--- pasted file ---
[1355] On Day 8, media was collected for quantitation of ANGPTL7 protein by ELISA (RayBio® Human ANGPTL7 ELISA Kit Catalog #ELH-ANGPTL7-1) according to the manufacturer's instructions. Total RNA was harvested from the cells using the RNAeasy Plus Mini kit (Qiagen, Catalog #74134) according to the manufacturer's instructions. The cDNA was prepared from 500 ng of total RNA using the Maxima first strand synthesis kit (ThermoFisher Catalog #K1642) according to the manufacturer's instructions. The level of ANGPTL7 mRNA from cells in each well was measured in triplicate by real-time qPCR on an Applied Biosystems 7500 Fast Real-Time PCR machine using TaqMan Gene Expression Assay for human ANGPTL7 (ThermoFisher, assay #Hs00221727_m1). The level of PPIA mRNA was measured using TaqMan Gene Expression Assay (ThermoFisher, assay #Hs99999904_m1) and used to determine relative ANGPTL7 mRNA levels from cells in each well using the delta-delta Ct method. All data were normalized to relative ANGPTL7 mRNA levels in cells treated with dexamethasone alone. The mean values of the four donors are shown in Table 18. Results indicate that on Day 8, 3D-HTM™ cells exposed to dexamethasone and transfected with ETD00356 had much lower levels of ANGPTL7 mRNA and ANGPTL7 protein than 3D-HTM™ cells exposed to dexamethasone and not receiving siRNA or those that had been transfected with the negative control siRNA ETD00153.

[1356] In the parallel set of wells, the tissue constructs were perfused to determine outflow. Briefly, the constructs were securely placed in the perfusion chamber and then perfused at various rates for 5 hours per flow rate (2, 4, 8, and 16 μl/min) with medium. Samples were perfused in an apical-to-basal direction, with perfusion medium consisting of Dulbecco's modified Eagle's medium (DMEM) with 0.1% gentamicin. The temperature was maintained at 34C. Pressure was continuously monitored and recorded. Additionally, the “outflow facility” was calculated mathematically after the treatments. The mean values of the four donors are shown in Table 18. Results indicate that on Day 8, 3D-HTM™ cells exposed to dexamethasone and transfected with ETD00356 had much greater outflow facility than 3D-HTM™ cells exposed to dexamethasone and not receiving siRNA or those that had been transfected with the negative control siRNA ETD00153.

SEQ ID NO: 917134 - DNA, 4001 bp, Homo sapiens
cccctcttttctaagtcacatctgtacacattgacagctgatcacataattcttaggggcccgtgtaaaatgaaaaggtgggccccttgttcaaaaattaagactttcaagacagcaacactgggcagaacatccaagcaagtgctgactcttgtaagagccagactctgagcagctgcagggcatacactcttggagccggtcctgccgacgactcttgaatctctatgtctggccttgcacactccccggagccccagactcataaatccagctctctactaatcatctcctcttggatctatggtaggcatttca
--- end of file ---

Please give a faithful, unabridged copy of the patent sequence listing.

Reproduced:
[1355] On Day 8, media was collected for quantitation of ANGPTL7 protein by ELISA (RayBio® Human ANGPTL7 ELISA Kit Catalog #ELH-ANGPTL7-1) according to the manufacturer's instructions. Total RNA was harvested from the cells using the RNAeasy Plus Mini kit (Qiagen, Catalog #74134) according to the manufacturer's instructions. The cDNA was prepared from 500 ng of total RNA using the Maxima first strand synthesis kit (ThermoFisher Catalog #K1642) according to the manufacturer's instructions. The level of ANGPTL7 mRNA from cells in each well was measured in triplicate by real-time qPCR on an Applied Biosystems 7500 Fast Real-Time PCR machine using TaqMan Gene Expression Assay for human ANGPTL7 (ThermoFisher, assay #Hs00221727_m1). The level of PPIA mRNA was measured using TaqMan Gene Expression Assay (ThermoFisher, assay #Hs99999904_m1) and used to determine relative ANGPTL7 mRNA levels from cells in each well using the delta-delta Ct method. All data were normalized to relative ANGPTL7 mRNA levels in cells treated with dexamethasone alone. The mean values of the four donors are shown in Table 18. Results indicate that on Day 8, 3D-HTM™ cells exposed to dexamethasone and transfected with ETD00356 had much lower levels of ANGPTL7 mRNA and ANGPTL7 protein than 3D-HTM™ cells exposed to dexamethasone and not receiving siRNA or those that had been transfected with the negative control siRNA ETD00153.

[1356] In the parallel set of wells, the tissue constructs were perfused to determine outflow. Briefly, the constructs were securely placed in the perfusion chamber and then perfused at various rates for 5 hours per flow rate (2, 4, 8, and 16 μl/min) with medium. Samples were perfused in an apical-to-basal direction, with perfusion medium consisting of Dulbecco's modified Eagle's medium (DMEM) with 0.1% gentamicin. The temperature was maintained at 34C. Pressure was continuously monitored and recorded. Additionally, the “outflow facility” was calculated mathematically after the treatments. The mean values of the four donors are shown in Table 18. Results indicate that on Day 8, 3D-HTM™ cells exposed to dexamethasone and transfected with ETD00356 had much greater outflow facility than 3D-HTM™ cells exposed to dexamethasone and not receiving siRNA or those that had been transfected with the negative control siRNA ETD00153.

SEQ ID NO: 917134 - DNA, 4001 bp, Homo sapiens
cccctcttttctaagtcacatctgtacacattgacagctgatcacataattcttaggggcccgtgtaaaatgaaaaggtgggccccttgttcaaaaattaagactttcaagacagcaacactgggcagaacatccaagcaagtgctgactcttgtaagagccagactctgagcagctgcagggcatacactcttggagccggtcctgccgacgactcttgaatctctatgtctggccttgcacactccccggagccccagactcataaatccagctctctactaatcatctcctcttggatctatggtaggcatttca